Born.... November 27, 1975 in Buenos Aries, Argentina.
Brief.... Height 5'8" Weight 170lbs
College..... Kansas State
NFL Draft..... 1999 / Round: 3 | Pick: 80
Buccaneers Career..... 1999 - 2004 | Acquired by draft
Ended Career By..... Released during the 2004 season
Martín Gramática is an Argentine former American football placekicker in the National Football League (NFL). Gramática played college football for Kansas State University, and was recognized twice as an All-American. He was drafted by the Tampa Bay Buccaneers in the third round of the 1999 NFL Draft. He also played professionally for the Indianapolis Colts, Dallas Cowboys and New Orleans Saints. His younger brother Guillermo Gramática was also a kicker in the NFL.
Gramática was born in Buenos Aires, Argentina. At the age of 9, he had to travel with his family to the United States, where they made their home. They settled in LaBelle, Florida, east of Fort Myers. He was only interested in playing soccer at LaBelle High School, but his kicking precision attracted the attention of the football coach of the school. He invited Gramática to try out as the team's kicker.
Gramática started to play football during his senior year. As the kicker for LaBelle High School, he hit 8 out of 10 field goals, 22 points after touchdowns, and sent 38 of 49 kickoffs out of the end zone for touchbacks. His longest field goal in high school was 52 yards.
Gramática played at Kansas State from 1994 to 1998. During his four college seasons he made 54 out of 70 field goals and 187 of 192 point-after-touchdown attempts, gaining a school record of 349 points in four seasons. He also set the single-season school record with 135 points and the longest field goal kicked from 65 yards. Those achievements earned him the nickname Automatica because whenever he came on the field, it was taken for granted that his kicks would be successful.
In 1996 he was granted a medical redshirt. Gramatica was a first-team All-America choice by the Associated Press both his junior and senior years and received the Lou Groza Award in 1997. Notably, he was 3-3 on field goals from 50+ yards his junior year, and as a senior kicked a phenomenal 65-yarder against Northern Illinois University – the longest field goal in college and professional football history kicked without a tee. He received his Bachelor of Science degree in social science in May 1999. Also of note was his characteristic jumping in celebration after every successful field goal. However, he stopped this after his brother Bill Gramática tore his ACL while playing for the Arizona Cardinals and celebrating in a similar manner after kicking a field goal.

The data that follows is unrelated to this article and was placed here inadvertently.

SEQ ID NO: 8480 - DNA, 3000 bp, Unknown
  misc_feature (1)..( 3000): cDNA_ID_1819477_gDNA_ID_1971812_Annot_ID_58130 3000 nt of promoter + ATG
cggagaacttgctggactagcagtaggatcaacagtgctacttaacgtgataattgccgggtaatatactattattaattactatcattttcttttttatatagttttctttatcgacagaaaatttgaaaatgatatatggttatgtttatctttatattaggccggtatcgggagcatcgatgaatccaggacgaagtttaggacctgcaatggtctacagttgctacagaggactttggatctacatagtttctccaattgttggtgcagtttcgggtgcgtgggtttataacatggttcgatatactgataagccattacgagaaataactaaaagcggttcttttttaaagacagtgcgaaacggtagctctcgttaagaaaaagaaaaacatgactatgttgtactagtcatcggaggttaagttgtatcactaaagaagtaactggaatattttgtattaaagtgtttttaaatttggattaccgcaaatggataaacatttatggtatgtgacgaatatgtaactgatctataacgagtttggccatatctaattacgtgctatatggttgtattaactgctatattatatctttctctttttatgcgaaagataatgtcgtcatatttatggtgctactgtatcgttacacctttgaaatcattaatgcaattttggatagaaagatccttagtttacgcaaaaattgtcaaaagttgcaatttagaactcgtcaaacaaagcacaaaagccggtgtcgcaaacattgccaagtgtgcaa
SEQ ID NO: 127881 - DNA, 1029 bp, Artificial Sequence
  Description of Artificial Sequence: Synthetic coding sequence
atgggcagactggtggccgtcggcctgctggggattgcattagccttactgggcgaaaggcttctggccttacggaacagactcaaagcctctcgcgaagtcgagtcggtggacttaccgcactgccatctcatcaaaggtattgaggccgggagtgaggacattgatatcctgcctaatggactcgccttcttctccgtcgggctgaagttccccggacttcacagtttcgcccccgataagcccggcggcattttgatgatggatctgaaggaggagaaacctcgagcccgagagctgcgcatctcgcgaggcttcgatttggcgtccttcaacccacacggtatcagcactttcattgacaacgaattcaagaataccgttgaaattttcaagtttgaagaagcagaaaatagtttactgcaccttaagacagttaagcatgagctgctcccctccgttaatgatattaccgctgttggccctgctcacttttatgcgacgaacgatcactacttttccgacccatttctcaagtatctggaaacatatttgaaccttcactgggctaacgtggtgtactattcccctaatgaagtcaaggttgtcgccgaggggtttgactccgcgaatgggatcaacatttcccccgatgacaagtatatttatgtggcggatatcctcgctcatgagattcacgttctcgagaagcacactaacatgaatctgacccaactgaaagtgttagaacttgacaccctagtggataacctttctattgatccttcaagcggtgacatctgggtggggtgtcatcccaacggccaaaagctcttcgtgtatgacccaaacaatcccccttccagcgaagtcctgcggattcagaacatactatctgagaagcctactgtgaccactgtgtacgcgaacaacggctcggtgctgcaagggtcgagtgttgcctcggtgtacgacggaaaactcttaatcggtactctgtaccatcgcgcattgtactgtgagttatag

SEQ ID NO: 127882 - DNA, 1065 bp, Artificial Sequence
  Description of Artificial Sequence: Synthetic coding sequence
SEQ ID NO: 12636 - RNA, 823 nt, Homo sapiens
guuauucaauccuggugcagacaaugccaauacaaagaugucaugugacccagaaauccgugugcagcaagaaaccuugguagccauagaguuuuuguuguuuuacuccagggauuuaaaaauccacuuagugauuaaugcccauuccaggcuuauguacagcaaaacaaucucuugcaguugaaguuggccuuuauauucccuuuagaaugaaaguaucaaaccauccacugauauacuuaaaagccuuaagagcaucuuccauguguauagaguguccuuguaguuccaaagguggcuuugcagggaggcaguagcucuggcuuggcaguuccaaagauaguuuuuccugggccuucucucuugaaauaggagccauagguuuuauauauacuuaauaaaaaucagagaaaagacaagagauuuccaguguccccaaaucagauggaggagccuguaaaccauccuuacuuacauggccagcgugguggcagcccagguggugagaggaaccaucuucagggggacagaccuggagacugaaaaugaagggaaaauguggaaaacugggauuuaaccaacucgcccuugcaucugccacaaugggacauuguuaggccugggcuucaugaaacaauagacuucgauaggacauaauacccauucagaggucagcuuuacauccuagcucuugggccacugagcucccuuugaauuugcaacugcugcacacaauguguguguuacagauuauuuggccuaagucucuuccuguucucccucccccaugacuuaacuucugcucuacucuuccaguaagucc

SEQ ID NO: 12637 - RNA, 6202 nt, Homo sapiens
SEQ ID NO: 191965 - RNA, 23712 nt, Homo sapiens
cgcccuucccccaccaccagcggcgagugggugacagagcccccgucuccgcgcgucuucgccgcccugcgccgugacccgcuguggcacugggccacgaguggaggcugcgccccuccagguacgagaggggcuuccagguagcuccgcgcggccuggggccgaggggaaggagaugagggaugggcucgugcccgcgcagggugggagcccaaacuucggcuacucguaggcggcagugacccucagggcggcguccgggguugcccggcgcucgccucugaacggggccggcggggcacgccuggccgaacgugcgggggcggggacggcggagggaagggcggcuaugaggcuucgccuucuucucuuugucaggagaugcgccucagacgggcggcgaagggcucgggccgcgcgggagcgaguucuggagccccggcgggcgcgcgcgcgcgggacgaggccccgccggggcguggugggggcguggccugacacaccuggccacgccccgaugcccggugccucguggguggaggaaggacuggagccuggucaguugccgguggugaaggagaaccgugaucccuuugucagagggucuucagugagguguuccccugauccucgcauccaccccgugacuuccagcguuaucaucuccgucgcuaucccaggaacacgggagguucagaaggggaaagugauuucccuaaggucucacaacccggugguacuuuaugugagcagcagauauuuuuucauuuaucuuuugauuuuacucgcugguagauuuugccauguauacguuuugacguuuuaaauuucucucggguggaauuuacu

He is a member of Kansas State's Ring of Honor.
Gramática was selected in the third round of the 1999 NFL Draft by the Tampa Bay Buccaneers and played there for five seasons. Gramática was the starter for the NFC Pro Bowl team in 2001. In 2002 he won Super Bowl XXXVII with Tampa Bay, scoring 12 points that game and becoming the first Argentine-American in history to do so. Gramática also gained a popularity that allowed him to sign exclusive contracts to make advertisement campaigns for diverse companies. The $14,500,000-contract signed with the Buccaneers in 2002 ranked Gramática among the best-paid Argentine sportsmen after footballers Hernán Crespo, Juan Verón and Gabriel Batistuta.